One of the most common excuses I hear on training workshops about performance management and feedback is ‘I need more practice’. Fair enough. Practice is essential to develop any skill. But if you just wait for ‘the right time’ to happen along – it won’t. So how can you practise your feedback skills and really get them ‘in the muscle’?
As well as giving colleagues feedback at work, there are opportunities beyond the workplace to develop the feedback habit. A rich seam is when you get any kind of service. If it’s good, bad or somewhere in between, you can first sharpen your powers of observation and second, develop your skills for what you say and how you say it.
1. In the gym
What does the gym manager / class instructor / personal trainer do that merits feedback? Make sure you’re getting beneath the adjectives (helpful, lively, encouraging, etc.) as they’re your opinion. To give feedback that’s useful you need to identify the behaviour the recipient could do more or less of. Do they always give you a warm welcome? If it’s a personal trainer, do they give you clear feedback on what you need to more / less of?
2.At the coffee shop
Does your barista greet you with a smile? Or slop your coffee as they hand it to you?
Do the local people offer to help you, or recommend places to go? Or do they pester you on the beach every day, trying to sell you stuff?
4.In the supermarket
Did the member of staff stacking shelves go and check for what you wanted (and couldn’t find) and return promptly? Or did they disappear, never to return? If the latter, some feedback is due to the manager…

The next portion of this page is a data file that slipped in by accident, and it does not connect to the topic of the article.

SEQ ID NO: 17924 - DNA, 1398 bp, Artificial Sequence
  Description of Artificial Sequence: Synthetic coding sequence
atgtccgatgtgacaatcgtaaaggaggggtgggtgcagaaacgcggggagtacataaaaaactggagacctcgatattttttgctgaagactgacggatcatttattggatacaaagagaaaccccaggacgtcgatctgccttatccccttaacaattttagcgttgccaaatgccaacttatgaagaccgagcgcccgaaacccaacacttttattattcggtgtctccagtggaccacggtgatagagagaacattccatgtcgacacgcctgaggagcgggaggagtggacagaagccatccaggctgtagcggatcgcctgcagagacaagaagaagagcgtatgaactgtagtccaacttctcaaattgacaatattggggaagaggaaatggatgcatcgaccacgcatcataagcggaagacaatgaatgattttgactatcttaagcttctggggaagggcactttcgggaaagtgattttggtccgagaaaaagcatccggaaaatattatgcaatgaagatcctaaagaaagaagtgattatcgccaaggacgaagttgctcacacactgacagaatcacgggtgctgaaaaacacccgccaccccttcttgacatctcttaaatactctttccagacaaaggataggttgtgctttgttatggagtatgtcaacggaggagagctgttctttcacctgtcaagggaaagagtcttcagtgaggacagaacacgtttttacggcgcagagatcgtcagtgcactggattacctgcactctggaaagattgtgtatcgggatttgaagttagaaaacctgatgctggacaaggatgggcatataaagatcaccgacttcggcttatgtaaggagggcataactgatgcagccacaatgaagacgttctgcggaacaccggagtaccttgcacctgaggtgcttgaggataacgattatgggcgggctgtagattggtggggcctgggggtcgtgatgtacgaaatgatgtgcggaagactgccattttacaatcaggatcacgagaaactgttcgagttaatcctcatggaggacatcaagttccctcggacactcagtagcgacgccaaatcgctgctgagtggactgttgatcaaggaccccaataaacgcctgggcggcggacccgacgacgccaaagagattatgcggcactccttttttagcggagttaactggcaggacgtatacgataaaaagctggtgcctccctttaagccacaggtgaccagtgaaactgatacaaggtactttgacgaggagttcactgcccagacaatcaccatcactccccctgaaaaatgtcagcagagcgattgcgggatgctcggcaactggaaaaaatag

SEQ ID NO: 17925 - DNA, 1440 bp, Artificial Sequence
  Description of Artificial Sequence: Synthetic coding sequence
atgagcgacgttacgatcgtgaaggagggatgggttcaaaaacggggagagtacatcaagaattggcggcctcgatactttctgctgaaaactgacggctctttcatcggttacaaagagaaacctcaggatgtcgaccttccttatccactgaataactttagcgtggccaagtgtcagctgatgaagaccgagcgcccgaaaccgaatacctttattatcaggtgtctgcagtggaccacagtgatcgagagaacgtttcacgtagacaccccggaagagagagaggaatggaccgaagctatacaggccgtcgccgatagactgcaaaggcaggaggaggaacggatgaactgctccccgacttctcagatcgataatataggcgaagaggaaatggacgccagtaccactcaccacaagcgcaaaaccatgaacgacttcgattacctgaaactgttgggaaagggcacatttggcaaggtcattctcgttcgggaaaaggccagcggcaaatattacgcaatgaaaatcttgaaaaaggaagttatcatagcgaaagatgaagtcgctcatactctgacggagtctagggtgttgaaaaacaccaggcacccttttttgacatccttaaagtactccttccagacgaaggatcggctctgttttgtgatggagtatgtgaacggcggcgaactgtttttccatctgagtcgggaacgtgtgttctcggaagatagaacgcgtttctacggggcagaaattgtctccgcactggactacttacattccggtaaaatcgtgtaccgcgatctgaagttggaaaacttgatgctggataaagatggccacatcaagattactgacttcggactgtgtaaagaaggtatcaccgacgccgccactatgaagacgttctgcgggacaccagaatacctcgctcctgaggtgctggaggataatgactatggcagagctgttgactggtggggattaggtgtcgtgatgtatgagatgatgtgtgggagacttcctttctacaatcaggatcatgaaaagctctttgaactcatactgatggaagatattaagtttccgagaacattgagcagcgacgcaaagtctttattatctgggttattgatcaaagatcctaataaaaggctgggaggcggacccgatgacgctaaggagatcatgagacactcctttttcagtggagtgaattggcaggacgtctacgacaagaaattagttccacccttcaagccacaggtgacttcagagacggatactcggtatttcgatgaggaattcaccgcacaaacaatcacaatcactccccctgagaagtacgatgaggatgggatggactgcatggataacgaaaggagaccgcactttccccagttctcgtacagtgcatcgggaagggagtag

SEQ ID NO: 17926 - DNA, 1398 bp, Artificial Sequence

5.Dealing with tradespeople
We recently had a fence repaired by a great guy who: called back promptly and turned up to quote when he said he would; arrived first thing and got the job done perfectly; offered advice. It’s great to be able to give him positive feedback online. On the other hand, most of us have experienced ‘tradies’ who fall down on the job in some way.
This one’s full of potential – good and bad. There are airlines (a pet topic in our household), cab firms, buses – and let’s not get started on commuter trains. Are they on time more often than not? Or are they always late, giving little or no explanation?
Does the waiter/waitress notice when your water needs topping up – before you do? Or do you have to wave frantically to get their attention?
Did your neighbour take in a delivery for you (again)? Or do they leave rubbish to rot right outside? Have you asked them for feedback since you installed that high-end home cinema system?
9.At an event
Do the people at the venue tell you to ‘enjoy the concert’? Or are they too busy talking to each other?
10.At a hotel
How was the welcome and check-in? How was your room? How was the service? Huge queues to check out? There’s no shortage of points at which we can give feedback.
Remember, giving feedback is to hand the recipient a gift they can make use of. In some cases it can really make someone’s day. So why not take more opportunities to get in the habit?
Image: Ron Harvey/Deposit Photos